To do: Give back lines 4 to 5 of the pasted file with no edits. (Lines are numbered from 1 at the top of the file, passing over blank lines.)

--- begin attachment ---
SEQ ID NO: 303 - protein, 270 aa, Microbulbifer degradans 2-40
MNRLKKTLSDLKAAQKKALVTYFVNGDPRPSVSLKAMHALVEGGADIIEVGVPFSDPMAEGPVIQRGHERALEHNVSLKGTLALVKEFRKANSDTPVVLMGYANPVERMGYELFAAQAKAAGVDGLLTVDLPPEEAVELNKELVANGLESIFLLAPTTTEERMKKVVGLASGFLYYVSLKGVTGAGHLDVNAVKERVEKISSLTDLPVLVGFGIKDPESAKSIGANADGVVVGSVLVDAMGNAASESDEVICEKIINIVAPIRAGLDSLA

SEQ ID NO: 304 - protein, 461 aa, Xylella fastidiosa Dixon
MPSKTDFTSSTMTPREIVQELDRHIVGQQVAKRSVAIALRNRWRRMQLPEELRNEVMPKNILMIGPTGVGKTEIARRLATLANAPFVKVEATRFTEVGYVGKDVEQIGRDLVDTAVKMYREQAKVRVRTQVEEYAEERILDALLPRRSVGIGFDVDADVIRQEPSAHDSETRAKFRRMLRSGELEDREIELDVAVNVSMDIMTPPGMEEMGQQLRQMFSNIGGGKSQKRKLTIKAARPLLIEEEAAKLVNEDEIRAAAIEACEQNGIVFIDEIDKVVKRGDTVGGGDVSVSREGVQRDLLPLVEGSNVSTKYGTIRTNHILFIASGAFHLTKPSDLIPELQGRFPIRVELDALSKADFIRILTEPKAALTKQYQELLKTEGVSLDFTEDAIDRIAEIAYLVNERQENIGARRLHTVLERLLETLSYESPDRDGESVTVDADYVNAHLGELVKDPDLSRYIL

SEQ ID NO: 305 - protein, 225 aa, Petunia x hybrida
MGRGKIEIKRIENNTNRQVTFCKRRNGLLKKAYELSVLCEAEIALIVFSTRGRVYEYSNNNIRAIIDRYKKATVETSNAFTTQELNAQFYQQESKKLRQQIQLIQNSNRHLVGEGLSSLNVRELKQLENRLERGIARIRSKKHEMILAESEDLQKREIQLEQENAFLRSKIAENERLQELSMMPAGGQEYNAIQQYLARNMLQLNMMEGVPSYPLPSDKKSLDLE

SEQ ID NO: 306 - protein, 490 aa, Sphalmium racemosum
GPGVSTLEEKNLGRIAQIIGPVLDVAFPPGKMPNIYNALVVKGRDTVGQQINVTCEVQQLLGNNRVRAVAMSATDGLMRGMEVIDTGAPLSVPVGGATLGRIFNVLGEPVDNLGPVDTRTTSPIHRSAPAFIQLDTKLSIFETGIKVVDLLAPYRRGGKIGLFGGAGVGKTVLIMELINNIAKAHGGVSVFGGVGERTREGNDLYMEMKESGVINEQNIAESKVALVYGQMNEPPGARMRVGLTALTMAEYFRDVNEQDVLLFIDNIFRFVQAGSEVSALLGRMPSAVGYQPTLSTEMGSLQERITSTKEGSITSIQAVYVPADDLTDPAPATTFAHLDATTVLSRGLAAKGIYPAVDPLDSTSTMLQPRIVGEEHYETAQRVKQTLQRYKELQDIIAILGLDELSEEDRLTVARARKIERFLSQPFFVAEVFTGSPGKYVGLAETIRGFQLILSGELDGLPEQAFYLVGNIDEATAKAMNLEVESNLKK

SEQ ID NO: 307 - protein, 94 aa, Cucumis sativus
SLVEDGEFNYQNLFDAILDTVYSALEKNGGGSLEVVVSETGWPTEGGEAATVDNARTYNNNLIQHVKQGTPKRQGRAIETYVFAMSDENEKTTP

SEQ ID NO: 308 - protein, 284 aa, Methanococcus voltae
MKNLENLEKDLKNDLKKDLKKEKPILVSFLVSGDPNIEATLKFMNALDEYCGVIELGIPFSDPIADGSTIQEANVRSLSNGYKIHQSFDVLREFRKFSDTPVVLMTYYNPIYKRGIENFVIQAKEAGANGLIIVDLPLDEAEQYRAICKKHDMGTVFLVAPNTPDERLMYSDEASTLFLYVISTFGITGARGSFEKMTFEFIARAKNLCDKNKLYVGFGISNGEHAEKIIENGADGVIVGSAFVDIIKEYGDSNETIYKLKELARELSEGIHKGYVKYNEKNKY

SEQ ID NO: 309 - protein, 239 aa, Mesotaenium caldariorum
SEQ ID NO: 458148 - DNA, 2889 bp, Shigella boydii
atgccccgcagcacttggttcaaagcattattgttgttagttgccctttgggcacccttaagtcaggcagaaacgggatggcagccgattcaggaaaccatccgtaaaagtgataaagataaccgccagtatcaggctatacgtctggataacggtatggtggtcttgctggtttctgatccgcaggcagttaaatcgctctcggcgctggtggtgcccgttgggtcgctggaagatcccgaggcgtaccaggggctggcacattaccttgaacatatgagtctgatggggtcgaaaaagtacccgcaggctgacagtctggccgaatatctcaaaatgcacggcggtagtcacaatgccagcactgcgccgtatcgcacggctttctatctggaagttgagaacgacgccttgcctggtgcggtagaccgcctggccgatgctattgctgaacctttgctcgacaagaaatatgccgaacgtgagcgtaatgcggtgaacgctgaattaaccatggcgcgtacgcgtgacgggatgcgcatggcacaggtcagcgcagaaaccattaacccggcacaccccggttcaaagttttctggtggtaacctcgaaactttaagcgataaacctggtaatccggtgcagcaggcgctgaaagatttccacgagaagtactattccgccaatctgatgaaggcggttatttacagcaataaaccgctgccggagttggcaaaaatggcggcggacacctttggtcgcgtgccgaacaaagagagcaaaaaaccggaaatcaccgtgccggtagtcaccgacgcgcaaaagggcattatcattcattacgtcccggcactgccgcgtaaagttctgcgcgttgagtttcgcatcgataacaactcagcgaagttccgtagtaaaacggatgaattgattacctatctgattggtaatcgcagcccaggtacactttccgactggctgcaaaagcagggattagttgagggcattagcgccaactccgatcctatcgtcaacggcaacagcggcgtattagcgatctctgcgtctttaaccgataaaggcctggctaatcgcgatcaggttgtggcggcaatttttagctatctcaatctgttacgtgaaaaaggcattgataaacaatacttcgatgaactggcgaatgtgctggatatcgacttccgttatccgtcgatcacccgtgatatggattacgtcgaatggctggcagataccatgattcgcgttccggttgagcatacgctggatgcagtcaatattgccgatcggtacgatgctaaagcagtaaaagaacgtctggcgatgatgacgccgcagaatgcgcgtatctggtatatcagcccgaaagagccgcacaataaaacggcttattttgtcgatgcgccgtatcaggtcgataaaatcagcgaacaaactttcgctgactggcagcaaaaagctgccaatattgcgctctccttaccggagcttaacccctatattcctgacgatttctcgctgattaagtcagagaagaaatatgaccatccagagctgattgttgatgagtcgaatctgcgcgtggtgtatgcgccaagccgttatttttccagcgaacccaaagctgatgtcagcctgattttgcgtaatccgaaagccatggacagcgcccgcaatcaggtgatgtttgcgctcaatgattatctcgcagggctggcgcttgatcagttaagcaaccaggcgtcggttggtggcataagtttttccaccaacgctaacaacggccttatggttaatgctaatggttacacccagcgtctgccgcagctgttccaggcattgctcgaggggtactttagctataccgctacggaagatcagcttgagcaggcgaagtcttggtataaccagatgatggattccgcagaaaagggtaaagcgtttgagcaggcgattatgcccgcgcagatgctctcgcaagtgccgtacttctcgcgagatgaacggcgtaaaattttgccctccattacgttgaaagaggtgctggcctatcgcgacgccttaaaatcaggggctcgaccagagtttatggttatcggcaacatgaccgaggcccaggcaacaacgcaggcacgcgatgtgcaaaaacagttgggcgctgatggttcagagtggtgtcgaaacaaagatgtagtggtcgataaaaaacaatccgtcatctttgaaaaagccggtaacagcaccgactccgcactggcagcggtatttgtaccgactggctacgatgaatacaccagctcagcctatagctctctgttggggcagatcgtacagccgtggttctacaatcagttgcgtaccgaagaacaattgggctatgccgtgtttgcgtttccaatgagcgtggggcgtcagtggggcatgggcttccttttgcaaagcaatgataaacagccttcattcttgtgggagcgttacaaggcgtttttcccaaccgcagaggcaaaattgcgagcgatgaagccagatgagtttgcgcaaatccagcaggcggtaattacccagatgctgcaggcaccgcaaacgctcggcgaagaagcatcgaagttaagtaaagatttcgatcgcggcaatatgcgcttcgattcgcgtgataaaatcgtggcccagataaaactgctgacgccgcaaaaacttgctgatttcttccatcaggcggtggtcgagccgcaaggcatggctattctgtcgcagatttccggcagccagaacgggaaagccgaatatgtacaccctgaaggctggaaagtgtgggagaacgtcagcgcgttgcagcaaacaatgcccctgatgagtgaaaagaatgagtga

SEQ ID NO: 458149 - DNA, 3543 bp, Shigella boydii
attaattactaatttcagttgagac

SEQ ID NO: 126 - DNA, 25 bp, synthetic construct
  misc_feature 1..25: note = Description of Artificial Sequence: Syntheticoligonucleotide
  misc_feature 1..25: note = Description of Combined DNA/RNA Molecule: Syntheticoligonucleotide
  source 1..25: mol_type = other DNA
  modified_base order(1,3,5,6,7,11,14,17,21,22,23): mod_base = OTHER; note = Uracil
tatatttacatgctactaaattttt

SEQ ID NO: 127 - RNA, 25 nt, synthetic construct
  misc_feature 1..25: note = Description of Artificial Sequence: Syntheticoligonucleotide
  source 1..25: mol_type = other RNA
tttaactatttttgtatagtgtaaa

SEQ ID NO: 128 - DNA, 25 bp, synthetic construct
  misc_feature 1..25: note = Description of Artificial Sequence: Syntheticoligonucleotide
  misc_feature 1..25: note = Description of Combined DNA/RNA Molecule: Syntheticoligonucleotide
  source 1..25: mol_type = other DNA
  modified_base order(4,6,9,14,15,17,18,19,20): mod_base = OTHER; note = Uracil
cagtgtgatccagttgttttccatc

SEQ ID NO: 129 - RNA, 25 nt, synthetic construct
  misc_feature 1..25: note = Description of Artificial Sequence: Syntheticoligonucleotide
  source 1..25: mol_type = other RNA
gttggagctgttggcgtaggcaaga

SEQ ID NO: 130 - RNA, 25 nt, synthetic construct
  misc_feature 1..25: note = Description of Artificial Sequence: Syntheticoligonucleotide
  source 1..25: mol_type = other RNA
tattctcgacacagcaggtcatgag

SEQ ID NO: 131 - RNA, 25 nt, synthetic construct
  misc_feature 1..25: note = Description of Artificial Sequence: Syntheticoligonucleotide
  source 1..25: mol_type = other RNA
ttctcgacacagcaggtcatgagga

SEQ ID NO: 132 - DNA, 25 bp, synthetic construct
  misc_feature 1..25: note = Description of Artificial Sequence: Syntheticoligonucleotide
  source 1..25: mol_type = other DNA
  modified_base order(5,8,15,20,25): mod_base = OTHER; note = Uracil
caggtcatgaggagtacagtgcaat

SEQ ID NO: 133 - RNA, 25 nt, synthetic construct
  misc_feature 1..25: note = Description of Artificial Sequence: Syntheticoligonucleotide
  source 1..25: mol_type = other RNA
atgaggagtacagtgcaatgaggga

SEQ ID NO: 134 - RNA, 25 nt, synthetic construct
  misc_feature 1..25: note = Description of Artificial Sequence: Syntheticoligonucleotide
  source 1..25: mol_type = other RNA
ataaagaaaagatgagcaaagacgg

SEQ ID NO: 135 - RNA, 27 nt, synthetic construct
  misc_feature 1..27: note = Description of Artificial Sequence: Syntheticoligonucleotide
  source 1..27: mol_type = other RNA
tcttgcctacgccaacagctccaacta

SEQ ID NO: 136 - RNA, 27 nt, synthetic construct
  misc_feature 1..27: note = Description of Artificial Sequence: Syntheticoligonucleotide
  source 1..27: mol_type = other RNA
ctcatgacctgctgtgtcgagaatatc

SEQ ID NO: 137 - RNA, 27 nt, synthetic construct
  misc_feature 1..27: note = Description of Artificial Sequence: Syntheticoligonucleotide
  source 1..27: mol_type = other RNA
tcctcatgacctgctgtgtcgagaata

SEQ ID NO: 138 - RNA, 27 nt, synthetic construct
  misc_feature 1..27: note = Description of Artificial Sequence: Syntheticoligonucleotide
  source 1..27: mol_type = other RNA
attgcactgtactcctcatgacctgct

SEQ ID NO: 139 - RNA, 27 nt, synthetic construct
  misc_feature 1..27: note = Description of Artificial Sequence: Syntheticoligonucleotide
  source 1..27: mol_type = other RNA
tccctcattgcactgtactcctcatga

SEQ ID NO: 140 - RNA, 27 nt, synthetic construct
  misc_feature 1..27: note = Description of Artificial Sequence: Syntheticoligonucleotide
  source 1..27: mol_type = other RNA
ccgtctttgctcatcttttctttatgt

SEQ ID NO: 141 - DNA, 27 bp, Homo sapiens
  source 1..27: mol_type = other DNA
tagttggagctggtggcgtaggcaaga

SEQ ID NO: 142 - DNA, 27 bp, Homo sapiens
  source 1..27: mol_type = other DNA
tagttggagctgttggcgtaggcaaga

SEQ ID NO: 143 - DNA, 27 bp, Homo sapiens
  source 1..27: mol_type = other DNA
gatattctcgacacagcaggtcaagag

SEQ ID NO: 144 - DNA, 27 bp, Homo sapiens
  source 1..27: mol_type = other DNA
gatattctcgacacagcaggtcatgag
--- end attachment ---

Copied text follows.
MPSKTDFTSSTMTPREIVQELDRHIVGQQVAKRSVAIALRNRWRRMQLPEELRNEVMPKNILMIGPTGVGKTEIARRLATLANAPFVKVEATRFTEVGYVGKDVEQIGRDLVDTAVKMYREQAKVRVRTQVEEYAEERILDALLPRRSVGIGFDVDADVIRQEPSAHDSETRAKFRRMLRSGELEDREIELDVAVNVSMDIMTPPGMEEMGQQLRQMFSNIGGGKSQKRKLTIKAARPLLIEEEAAKLVNEDEIRAAAIEACEQNGIVFIDEIDKVVKRGDTVGGGDVSVSREGVQRDLLPLVEGSNVSTKYGTIRTNHILFIASGAFHLTKPSDLIPELQGRFPIRVELDALSKADFIRILTEPKAALTKQYQELLKTEGVSLDFTEDAIDRIAEIAYLVNERQENIGARRLHTVLERLLETLSYESPDRDGESVTVDADYVNAHLGELVKDPDLSRYIL

SEQ ID NO: 305 - protein, 225 aa, Petunia x hybrida